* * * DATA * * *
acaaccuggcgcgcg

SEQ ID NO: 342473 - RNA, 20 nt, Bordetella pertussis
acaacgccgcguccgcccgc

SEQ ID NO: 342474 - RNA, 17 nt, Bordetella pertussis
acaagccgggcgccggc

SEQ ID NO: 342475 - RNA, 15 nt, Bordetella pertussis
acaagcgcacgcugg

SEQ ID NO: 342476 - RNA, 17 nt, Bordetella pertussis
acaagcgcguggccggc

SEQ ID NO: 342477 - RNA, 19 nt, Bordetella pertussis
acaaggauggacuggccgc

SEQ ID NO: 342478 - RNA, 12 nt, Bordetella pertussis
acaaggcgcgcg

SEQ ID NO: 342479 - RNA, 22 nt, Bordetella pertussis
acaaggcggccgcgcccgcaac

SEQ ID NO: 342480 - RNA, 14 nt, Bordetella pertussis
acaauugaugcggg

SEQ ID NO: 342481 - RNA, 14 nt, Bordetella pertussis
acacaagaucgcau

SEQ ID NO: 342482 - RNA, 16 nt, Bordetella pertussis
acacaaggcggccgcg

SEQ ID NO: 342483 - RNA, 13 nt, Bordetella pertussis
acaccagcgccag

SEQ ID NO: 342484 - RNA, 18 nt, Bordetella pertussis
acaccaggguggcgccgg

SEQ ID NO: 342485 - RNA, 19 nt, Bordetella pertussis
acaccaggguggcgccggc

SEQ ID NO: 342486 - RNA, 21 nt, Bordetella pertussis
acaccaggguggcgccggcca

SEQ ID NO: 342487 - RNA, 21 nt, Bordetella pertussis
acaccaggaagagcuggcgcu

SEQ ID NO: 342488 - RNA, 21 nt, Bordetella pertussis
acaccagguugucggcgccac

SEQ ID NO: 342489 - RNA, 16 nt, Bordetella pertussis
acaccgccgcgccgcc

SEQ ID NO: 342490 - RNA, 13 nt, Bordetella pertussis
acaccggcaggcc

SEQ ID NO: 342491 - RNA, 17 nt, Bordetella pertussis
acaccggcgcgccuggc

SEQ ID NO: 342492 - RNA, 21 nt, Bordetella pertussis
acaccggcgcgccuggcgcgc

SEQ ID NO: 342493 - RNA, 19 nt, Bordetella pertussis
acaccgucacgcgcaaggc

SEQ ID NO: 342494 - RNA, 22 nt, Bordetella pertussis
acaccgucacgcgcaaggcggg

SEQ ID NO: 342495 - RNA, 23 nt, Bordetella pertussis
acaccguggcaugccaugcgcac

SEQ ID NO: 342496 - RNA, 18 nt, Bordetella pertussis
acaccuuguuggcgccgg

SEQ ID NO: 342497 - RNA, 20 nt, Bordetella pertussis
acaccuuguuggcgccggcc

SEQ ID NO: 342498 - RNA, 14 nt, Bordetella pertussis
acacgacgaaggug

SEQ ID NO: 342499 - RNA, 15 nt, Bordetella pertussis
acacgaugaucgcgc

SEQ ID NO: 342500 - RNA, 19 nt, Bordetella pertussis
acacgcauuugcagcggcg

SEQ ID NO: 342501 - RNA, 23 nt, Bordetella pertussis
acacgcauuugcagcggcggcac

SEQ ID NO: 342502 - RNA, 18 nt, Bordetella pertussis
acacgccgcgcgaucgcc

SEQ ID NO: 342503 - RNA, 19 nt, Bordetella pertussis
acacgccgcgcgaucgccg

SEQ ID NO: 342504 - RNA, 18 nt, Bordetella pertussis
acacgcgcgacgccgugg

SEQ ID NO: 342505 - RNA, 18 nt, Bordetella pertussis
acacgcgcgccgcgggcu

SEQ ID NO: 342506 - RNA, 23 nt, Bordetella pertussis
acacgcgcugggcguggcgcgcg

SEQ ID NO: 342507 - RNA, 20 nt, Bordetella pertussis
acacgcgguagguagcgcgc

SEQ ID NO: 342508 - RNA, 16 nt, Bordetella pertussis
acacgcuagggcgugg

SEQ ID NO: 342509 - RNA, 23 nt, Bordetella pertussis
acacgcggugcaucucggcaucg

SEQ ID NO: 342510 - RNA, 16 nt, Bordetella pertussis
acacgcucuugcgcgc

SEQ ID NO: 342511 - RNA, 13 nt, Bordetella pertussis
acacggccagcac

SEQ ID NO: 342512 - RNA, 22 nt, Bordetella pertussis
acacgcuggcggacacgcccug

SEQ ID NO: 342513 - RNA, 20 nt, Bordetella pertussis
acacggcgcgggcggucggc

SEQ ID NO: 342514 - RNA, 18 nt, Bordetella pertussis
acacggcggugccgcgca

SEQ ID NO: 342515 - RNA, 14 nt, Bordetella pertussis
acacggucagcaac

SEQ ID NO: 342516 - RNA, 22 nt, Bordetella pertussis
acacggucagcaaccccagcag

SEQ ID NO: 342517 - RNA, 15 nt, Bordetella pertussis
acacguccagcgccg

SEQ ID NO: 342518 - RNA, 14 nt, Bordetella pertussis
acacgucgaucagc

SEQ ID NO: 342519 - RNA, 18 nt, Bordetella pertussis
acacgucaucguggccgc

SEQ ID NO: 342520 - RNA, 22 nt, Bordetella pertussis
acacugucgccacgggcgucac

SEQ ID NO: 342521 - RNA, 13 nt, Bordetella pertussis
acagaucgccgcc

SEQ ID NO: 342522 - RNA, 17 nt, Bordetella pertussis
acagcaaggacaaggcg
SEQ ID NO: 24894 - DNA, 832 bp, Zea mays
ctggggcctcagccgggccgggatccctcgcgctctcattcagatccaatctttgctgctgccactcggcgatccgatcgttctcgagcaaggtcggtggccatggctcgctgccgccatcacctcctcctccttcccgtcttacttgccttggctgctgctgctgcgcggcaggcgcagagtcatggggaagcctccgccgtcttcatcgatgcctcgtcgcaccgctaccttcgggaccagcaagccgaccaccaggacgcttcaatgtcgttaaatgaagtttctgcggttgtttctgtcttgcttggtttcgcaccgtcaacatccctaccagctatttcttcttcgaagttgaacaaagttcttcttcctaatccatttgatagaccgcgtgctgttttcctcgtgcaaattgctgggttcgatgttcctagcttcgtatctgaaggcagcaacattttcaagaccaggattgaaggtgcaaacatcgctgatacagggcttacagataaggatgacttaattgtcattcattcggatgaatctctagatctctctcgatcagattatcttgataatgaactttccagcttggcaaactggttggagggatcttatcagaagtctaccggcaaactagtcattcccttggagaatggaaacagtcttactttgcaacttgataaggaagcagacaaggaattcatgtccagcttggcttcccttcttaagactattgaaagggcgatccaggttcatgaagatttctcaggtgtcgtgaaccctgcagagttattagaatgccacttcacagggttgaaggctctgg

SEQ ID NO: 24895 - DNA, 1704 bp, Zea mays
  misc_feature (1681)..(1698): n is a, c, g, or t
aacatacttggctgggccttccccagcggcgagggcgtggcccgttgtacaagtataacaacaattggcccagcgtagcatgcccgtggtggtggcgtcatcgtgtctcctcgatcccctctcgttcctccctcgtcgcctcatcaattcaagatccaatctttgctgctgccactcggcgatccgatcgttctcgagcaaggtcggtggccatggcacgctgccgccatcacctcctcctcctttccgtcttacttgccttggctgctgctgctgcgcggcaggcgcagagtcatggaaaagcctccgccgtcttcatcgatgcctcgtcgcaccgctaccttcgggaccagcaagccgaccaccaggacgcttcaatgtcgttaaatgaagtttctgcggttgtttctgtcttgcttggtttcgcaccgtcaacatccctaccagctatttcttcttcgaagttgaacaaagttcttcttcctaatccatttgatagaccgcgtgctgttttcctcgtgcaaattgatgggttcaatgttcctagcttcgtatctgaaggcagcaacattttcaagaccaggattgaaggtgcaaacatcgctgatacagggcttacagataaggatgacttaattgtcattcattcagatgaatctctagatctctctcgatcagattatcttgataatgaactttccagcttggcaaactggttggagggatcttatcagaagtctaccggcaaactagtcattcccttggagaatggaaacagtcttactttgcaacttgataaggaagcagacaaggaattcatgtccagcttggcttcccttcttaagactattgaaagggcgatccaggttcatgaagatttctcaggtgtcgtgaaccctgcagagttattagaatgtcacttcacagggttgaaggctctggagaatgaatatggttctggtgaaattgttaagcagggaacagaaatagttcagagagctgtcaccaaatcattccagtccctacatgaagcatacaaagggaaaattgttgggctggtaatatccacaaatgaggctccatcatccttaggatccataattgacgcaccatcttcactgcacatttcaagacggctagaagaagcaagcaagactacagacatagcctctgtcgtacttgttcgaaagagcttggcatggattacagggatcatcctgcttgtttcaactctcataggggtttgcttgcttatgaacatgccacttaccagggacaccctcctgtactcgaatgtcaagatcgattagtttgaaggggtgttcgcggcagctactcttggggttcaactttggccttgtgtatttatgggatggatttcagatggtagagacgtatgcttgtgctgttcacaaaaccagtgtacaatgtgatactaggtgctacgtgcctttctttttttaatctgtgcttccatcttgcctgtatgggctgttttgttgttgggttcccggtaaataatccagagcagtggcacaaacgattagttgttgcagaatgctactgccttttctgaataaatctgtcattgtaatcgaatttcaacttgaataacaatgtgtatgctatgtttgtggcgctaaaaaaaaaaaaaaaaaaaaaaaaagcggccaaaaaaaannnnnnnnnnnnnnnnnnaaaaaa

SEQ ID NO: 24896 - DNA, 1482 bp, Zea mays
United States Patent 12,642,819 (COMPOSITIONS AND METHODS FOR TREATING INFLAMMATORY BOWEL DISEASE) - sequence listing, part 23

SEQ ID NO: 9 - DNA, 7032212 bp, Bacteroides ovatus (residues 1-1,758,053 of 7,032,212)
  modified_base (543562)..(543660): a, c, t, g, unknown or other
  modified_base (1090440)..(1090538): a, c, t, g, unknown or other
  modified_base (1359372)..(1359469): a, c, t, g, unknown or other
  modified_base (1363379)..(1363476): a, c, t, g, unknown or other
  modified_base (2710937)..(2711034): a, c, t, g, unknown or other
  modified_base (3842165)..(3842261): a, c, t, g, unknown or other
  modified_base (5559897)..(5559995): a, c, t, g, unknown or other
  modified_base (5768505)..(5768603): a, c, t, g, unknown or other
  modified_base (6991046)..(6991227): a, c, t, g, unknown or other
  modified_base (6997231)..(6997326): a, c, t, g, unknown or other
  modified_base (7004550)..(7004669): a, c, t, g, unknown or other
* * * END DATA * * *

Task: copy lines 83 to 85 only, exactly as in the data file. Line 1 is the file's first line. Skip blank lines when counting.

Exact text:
acacggcgcgggcggucggc

SEQ ID NO: 342514 - RNA, 18 nt, Bordetella pertussis
acacggcggugccgcgca